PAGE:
Maybe you’ll imagine nothing like that, listening to this, but that’s what I see, and it’s wonderful.

8. Three White Horses- Andrew Bird

At one point, I was going to do a comic-book adaptation of this song that was going to be very sad.

Maybe one day, I still will. I hadn’t thought about that in awhile, but thinking back to this time period, it was the first thing that came to mind.

Everything about this song is wonderful. The lyrics, the instrumentation, and the performance in general. I don’t remember how I came across this for the first time, but I like it now, just as much as I did then.

9. Pee Wee- Miles Davis

If this isn’t the best winter-time fireplace music ever, I really don’t know what this is.

This is the sound of Miles’ Second Great Quintet 100% in their bag for just under five minutes, and perhaps, my favorite songs from, “Sorcerer.”

Come for the light earth tones found in Herbie Hancocks piano playing, but stay for the smoke that wafts with effortless grace from Wayne Shorter’s saxophone.

Masterful.

10. One Time- The Roots

I’d be tuned out with regards to The Roots for a few years, but then, “Undun,” came out, and pretty thoroughly blew me away.

I’m not sure why this made the playlist for November as I remember this being a spring of 2012 standby, but in case, it’s still an awesome song.

11. Been Robbed- Wu-Block

Essentially, this is Styles P, Ghostface, and Sheek Louch doing what they’ve done very well for almost 30 years now, over a pretty prime slice of 1996ish production.

Nothing that you haven’t heard before, but yeah— three dudes in the 40s who still have it.

12. (Don’t Fear) The Reaper- Blue Oyster Cult

Yes, yes, this is probably more famous at this point for being the punch line of an SNL skit, but so it goes.

I once read the guitar solo in here described as the soundtrack for a particularly epic Arabian sword fight, and I don’t think I’m going to do much better than that, so we’ll leave it there.

It’s funny too, because I don’t really hear the cowbell in here if I’m not paying attention to it, but perhaps, that’s why Christopher Walken was so very insistent.

13. Original Sin- Geographer

This is a strange piece of music, as I feel like violin and synthesizers can be a REALLY hard sell sometimes.

These folks pull it off though, and I used to put this on repeat for hours and hours.

The lyrics here are painterly, and the violin is pleading. I feel like this splits the difference between Interpol and Radiohead, which might sound strange, but it works quite well.

14. New Age- Sleepy Sun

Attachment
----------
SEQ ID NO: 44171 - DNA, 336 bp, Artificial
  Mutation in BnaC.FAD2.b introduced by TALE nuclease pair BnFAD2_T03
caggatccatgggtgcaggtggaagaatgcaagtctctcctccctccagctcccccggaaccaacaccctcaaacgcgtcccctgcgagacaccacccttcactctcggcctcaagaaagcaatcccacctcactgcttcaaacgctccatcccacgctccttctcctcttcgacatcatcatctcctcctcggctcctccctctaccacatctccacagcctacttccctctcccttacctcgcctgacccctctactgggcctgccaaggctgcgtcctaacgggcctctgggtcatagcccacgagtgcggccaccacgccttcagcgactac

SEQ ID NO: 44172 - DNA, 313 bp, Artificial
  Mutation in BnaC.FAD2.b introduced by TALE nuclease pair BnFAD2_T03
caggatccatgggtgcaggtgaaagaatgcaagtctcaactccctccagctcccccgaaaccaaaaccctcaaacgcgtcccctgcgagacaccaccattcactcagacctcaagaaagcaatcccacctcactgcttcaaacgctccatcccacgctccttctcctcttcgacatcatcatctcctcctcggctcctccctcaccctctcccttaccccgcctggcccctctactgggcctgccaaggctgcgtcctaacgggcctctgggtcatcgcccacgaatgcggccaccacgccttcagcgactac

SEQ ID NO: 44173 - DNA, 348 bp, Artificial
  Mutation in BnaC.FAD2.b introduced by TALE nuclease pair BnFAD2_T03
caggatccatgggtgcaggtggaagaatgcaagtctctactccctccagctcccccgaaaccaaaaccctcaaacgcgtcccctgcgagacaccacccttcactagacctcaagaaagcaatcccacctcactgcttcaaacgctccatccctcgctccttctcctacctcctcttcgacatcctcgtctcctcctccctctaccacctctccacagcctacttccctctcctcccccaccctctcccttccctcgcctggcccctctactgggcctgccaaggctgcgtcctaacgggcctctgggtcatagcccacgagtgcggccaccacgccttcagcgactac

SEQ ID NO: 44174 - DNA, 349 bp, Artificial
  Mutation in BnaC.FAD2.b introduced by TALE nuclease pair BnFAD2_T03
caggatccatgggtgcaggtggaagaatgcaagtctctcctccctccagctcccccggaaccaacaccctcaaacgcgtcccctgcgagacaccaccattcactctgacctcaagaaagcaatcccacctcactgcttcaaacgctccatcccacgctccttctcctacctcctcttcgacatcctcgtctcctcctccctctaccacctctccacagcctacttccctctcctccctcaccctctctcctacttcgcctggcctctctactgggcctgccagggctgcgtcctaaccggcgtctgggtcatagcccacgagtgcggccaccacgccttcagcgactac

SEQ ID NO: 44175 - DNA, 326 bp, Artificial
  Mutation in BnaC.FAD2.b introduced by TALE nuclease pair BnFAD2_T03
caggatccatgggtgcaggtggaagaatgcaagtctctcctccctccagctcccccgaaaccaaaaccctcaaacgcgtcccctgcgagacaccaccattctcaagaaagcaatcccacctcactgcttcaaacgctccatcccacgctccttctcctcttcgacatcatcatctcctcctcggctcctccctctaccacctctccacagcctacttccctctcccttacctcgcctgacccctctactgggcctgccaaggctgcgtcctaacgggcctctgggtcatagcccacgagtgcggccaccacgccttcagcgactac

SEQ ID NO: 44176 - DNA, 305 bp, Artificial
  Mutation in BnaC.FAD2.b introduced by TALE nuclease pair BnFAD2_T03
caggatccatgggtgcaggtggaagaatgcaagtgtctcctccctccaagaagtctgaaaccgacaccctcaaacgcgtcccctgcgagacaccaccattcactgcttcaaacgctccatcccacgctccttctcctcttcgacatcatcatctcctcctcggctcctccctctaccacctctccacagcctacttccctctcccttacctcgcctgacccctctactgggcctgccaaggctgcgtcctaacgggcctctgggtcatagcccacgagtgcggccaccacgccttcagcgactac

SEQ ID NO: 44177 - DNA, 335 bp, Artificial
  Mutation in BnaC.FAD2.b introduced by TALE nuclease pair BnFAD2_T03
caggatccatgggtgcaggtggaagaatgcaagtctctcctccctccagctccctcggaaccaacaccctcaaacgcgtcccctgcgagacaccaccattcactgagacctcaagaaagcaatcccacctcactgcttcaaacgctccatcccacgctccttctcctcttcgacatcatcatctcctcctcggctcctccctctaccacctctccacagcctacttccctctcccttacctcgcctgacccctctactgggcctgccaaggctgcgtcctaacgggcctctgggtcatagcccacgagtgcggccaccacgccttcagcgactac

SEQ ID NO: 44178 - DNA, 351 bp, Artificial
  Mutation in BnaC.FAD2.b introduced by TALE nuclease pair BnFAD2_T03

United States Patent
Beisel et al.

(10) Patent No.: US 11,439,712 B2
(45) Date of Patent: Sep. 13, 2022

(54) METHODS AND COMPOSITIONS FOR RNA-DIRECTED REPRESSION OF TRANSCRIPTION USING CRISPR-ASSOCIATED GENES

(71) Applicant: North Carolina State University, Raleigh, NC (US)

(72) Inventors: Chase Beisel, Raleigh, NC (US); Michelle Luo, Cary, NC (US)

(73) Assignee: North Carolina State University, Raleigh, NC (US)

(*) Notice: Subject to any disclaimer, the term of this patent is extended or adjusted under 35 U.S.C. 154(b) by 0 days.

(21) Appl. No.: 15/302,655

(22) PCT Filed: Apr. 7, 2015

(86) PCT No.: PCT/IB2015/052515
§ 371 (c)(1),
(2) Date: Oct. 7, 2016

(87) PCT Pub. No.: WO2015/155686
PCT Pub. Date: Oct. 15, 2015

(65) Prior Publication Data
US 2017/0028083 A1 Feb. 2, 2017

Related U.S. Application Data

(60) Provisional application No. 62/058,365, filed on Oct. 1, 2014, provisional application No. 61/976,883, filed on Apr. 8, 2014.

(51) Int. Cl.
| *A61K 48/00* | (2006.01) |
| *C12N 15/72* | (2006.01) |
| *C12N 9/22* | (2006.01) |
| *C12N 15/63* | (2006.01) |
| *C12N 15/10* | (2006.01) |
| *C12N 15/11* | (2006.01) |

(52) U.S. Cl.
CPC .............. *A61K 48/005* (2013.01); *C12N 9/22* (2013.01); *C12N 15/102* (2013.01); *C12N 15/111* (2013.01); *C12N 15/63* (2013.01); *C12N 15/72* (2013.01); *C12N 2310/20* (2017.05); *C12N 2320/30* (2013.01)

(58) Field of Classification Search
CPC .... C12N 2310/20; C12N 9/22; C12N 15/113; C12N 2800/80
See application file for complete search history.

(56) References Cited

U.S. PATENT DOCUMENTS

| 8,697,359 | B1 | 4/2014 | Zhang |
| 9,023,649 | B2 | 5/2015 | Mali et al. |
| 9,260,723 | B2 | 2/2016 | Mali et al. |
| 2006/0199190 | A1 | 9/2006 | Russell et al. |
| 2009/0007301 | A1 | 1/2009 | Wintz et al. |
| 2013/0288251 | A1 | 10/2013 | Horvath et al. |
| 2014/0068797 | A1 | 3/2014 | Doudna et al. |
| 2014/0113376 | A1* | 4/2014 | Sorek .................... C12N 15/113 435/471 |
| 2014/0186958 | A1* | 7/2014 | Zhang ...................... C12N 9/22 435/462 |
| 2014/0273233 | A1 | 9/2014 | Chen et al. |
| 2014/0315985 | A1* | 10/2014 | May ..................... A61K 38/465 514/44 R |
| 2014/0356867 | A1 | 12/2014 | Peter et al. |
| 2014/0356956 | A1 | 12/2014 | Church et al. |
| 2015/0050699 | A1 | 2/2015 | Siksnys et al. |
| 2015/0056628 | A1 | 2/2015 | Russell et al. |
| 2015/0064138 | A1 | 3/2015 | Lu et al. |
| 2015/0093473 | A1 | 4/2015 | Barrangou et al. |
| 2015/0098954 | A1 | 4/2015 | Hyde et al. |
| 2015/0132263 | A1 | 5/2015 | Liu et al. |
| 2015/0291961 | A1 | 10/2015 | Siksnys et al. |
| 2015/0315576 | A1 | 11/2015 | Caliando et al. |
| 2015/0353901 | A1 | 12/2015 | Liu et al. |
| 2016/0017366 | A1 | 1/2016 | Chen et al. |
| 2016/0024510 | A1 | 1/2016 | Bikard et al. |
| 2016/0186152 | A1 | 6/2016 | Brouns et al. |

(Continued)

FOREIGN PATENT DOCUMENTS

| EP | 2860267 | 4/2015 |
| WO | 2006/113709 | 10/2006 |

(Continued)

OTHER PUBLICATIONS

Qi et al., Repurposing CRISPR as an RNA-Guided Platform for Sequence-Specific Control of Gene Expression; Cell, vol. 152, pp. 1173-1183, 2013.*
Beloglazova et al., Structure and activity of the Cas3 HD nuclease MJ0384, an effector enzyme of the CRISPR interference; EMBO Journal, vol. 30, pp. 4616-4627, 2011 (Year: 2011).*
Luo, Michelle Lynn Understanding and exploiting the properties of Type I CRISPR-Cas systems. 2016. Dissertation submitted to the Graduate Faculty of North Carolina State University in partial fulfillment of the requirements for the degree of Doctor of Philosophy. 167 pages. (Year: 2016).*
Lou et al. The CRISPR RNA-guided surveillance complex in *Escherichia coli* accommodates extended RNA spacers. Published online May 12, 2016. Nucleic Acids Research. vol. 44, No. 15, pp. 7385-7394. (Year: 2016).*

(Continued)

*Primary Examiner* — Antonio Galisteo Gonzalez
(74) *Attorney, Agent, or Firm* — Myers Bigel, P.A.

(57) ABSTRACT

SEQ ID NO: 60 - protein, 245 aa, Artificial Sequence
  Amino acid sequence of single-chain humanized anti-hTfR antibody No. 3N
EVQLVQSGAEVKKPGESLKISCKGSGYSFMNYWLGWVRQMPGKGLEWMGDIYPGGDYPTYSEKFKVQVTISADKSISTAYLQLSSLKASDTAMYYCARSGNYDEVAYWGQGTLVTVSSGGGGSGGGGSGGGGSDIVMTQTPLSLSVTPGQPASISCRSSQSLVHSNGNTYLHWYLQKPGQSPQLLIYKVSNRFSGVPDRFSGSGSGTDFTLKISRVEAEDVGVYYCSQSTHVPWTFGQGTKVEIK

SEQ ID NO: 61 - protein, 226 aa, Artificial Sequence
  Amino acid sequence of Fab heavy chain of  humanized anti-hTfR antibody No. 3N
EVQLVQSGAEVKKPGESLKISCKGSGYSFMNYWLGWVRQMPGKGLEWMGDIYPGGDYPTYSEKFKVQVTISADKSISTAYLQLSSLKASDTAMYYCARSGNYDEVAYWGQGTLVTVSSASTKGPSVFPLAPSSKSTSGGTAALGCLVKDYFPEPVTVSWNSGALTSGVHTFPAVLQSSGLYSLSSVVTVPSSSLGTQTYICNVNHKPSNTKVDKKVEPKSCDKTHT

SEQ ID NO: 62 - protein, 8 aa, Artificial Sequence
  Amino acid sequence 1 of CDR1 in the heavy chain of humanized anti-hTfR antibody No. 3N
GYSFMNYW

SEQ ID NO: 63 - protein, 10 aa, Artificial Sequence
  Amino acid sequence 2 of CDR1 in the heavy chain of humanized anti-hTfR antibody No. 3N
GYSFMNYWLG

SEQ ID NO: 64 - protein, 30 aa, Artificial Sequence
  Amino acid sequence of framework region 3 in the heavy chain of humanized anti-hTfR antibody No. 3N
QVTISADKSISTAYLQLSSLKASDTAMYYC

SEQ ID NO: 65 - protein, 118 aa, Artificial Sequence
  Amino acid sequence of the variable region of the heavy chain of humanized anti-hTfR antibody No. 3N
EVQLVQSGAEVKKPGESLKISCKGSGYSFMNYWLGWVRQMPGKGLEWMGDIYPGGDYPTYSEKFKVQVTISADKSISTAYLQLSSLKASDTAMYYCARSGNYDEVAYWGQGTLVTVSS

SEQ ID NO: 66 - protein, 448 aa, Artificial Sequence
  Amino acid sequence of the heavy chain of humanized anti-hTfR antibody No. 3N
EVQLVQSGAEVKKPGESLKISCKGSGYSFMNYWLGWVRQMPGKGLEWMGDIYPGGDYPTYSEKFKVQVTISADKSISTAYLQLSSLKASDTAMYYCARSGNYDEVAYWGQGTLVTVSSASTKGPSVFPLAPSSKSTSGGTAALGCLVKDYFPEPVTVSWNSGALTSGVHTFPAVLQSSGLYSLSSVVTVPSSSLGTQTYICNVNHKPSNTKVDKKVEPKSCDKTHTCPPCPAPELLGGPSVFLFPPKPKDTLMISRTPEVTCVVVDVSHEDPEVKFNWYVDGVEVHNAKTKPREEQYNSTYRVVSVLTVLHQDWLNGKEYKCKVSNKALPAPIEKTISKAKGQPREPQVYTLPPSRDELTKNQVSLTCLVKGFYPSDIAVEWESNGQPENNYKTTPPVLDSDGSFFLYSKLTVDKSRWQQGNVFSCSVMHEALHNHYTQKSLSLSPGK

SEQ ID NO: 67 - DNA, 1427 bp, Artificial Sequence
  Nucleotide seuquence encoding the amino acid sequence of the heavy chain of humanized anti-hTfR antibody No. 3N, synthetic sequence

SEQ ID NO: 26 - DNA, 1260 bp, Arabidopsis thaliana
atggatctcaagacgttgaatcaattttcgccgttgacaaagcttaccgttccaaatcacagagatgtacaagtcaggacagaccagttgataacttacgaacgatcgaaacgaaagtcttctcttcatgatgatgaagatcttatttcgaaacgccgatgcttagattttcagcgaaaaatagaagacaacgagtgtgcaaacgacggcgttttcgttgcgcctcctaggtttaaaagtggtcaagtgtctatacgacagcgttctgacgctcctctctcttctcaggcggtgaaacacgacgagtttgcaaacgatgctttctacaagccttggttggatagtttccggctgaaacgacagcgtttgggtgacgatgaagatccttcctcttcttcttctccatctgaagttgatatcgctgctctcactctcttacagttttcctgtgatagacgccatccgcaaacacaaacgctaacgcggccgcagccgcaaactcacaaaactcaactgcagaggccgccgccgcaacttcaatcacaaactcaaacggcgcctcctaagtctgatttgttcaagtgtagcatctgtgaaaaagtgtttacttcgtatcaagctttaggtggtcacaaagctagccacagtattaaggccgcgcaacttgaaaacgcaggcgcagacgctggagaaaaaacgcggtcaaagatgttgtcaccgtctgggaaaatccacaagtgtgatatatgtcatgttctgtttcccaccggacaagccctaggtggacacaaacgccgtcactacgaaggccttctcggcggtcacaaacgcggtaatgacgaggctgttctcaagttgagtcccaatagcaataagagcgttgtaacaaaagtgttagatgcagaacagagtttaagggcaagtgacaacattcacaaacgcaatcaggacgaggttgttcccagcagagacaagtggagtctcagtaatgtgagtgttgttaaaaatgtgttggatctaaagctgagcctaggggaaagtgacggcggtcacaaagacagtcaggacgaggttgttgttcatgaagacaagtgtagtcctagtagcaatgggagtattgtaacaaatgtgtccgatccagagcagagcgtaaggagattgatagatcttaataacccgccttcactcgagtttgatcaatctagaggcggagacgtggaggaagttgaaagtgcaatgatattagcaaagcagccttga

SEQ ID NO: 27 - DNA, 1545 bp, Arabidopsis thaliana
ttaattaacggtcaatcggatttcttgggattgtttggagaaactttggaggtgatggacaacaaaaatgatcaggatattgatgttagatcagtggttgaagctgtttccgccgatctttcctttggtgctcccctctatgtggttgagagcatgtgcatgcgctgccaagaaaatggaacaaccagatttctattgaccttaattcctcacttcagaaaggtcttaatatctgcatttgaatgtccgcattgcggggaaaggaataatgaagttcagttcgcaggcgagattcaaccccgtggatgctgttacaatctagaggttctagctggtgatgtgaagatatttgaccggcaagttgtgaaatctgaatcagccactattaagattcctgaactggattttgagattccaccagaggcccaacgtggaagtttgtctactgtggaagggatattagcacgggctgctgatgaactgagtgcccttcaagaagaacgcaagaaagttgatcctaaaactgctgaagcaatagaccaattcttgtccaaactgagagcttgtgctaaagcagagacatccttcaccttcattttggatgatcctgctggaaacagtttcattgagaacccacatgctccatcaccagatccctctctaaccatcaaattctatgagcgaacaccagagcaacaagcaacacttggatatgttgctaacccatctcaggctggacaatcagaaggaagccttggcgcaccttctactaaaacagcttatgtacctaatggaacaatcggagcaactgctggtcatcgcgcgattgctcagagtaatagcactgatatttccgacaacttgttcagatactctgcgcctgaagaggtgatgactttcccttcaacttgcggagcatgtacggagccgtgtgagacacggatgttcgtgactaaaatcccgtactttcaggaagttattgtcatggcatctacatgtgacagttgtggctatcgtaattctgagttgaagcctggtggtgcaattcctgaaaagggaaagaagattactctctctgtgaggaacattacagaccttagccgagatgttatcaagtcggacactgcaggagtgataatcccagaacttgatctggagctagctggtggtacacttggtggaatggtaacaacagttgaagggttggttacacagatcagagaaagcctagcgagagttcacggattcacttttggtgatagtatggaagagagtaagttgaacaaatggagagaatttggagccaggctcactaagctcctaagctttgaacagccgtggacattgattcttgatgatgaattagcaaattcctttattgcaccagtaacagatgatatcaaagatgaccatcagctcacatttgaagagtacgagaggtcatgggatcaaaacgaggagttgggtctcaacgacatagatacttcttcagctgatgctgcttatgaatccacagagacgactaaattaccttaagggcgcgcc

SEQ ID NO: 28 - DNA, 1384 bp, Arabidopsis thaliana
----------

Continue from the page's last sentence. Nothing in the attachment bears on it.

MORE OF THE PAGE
Ooh boy, howzabout that fuzz?

Howzabout that everything, actually, as this song is pretty uniformly excellent.

Listening to this in 2020, I’m reminded that I probably need to make a deep dive with this band’s discography, as it’s probably pretty wonderful, if this song is in any ways indicative of their music as a whole.

15. Wind And Snow- Grouper

This is a haunting piece of music.

Listening to this, I see a lone candle lighting the interior of a cabin in the woods, and an elderly woman huddled amongst a pile of blankets. 

Her gaze is contemplative as she looks as the candle, and a smile cracks as the corners of her lips. She’s bearing witness to a very particular, understated beauty right now, and though these may be her final moments, she finds joy in what she’s looking at.

16. If I Forget Thee, Lowcountry- Baroness

I love this song, and it transitions PERFECTLY from the previous one, allowing me one of my proudest playlist making moments.

If the Grouper track were illustrative of that women’s final moments on earth, this is illustrative of her first moments in the hereafter— tentative, but consistent, as she treads lightly, familiarizing herself with where she now finds herself.

This is a lovely piece of music.

17. What Happened to You?- Deftones

I don’t know if I should be ashamed or not, but iTunes says I’ve listened to this song 628 times since it was released in November of 2012.

Needless to say, I love it dearly.

Chino Moreno never really gives you too much with his lyrics, but here, he allows us a glimpse at something— a very specific, undying love.

8 years and 628 listens later, the hairs on my arm still stand up when the song finally breaks at 2:48.

Abe Cunningham’s MONSTER drum fill, followed by Stephen Carpenter’s laser-beam melody line that BLASTS the tune towards the stars, are as magnificent as anything the band had put to record, and I’m thankful to know such a thing.